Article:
- Fill the bottom of the milk jug with potting soil. Make sure there’s at least 3 inches of potting soil, so your seedlings will have plenty of room to spread out their roots.
- Press seeds into the soil. With winter sowing, we typically don’t plant to the regular seed planting depth, since we’re trying to mimic natural seed growth. For smaller seeds, sprinkle on the top of the soil and press in. For larger seeds, you can push them in a bit, but not a deep as usual.
- Duct tape the milk jugs shut.
- Make sure to label them. I suggest labeling in more than one spot, just in case the label wears off. It is also very important that you don’t just use a Sharpie.
You want something waterproof and UV proof, since these will be out in the elements. I’ve had good luck with China markers and paint markers. I found that paint markers on the bottom of the milk jug actually lasts the longest. Some people I know cut up old blinds, write on them with pencil, and stick the label inside the jug.
- Place in an area where they won’t get blown away. Against the house is a great spot. I put mine in the rows between my raised garden beds. Some people I know will put a broom handle through the milk jug handles, or tie a rope through them. I’ve found that if they have at least 3 inches of potting soil, they should have the weight to stay put and not blow away, unless there’s a crazy windstorm.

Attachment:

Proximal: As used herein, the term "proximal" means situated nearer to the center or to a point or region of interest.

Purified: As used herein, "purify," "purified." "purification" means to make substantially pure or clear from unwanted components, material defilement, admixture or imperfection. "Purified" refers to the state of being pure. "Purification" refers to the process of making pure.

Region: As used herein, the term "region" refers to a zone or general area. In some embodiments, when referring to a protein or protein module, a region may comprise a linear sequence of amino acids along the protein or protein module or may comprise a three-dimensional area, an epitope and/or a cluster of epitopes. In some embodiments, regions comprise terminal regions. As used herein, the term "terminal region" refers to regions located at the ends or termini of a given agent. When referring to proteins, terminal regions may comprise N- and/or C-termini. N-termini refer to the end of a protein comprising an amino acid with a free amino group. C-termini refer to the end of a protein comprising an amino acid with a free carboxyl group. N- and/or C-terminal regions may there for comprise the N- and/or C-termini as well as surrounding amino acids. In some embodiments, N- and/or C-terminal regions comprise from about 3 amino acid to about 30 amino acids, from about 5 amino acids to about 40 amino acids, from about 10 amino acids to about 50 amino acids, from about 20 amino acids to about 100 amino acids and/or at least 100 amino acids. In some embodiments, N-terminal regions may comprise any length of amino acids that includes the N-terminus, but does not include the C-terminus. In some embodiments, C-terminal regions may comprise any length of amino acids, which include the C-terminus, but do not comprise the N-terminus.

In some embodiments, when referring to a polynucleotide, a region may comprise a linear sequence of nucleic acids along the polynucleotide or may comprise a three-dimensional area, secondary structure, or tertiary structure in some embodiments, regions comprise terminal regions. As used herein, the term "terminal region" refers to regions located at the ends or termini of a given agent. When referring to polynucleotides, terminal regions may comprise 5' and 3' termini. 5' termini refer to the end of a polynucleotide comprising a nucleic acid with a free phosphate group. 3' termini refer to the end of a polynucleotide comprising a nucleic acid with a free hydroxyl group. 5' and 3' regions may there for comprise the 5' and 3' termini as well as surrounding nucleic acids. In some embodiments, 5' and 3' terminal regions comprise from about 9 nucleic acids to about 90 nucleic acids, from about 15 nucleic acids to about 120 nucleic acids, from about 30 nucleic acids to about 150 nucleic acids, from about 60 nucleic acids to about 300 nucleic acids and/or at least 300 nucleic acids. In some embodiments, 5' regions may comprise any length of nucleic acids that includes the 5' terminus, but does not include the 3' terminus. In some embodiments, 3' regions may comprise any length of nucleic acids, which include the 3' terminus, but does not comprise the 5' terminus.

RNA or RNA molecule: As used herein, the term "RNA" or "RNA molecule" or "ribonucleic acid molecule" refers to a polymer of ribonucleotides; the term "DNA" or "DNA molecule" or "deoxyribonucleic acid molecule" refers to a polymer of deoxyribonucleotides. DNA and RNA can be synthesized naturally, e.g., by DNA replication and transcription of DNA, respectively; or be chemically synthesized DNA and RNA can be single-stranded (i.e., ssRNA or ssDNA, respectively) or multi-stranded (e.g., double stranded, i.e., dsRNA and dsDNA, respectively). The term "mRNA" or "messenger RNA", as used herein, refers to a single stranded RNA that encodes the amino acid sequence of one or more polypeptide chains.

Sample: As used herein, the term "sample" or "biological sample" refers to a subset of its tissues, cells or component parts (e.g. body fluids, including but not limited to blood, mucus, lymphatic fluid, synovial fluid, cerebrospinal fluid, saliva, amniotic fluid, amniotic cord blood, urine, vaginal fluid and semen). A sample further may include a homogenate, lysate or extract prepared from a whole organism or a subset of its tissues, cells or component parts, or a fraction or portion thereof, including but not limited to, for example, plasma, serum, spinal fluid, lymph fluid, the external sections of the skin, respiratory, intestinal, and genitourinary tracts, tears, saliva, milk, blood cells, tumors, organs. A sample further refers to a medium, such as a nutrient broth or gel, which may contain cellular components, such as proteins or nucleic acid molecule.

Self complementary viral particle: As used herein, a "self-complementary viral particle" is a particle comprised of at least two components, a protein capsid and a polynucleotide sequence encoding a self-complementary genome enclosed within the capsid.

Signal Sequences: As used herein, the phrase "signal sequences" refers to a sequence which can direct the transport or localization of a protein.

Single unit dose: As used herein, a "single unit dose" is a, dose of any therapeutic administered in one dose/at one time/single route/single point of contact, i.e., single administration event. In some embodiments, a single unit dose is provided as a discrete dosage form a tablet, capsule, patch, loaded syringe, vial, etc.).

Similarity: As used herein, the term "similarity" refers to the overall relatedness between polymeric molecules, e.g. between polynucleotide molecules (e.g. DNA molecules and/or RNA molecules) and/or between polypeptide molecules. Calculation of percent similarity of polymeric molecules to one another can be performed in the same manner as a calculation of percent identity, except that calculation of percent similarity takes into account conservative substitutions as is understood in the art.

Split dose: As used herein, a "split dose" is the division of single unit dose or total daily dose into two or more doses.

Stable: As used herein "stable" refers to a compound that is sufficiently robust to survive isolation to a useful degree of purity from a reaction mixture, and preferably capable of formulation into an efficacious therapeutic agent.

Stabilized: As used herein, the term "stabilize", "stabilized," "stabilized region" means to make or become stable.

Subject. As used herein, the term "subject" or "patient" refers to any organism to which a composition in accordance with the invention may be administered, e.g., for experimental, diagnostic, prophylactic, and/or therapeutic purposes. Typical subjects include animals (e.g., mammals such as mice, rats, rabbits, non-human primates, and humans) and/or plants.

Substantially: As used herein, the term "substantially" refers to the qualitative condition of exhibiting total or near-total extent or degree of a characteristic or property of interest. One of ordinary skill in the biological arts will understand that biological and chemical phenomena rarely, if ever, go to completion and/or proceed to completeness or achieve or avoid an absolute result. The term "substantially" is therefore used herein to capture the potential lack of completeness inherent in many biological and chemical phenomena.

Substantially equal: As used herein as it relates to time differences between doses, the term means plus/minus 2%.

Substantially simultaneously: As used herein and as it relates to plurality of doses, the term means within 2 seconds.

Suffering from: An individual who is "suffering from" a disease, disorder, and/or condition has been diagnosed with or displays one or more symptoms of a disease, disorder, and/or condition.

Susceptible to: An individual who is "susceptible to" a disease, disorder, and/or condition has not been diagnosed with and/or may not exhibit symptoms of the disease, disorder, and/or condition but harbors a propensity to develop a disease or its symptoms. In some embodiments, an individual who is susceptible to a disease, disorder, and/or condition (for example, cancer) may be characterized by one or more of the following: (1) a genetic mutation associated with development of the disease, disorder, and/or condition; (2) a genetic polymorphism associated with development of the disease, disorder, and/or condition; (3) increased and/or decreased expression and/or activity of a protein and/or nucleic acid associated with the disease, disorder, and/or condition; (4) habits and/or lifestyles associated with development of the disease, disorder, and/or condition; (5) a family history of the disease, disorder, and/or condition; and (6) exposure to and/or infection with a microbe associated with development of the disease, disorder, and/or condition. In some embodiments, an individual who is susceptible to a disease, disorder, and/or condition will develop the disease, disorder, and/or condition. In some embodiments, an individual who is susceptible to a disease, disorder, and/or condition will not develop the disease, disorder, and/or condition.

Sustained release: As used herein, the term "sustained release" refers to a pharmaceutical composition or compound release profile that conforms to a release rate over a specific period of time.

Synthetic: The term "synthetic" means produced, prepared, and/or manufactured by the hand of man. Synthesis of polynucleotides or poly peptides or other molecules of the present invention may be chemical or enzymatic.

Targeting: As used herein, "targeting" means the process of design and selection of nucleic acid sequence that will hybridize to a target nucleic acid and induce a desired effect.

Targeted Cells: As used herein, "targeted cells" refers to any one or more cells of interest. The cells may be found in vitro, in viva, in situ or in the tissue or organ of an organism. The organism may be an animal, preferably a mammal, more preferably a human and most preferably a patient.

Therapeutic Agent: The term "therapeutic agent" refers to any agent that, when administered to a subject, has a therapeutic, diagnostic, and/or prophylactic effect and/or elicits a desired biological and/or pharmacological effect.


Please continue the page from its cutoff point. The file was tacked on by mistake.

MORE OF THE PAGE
Leave the lid off, so moisture can get into the jug throughout the winter.
- Try not to forget about them in the spring. Winter sowing is so hands-off that it can be easy to completely forget about the seedlings you planted, in which case you might just look over one day and see a rhubarb plant that you grew from seed sticking out of the top of the milk jug!
If your spring is hot and dry, you’ll need to check your jugs to see if they need watered. It’s pretty easy to tell if they have enough moisture in them, since you’ll likely see condensation on the inside of the jug. But you can also just lift a couple of jugs up. If they’re very light, they need more water.
The easiest way to water them is by setting them in a shallow tray with water, so they can suck it up from the bottom of the jugs, but a sprinkler will work, too.
I hope this winter sowing tutorial has been helpful to you! If you have any questions, feel free to drop them below, and I’ll do my best to answer your questions.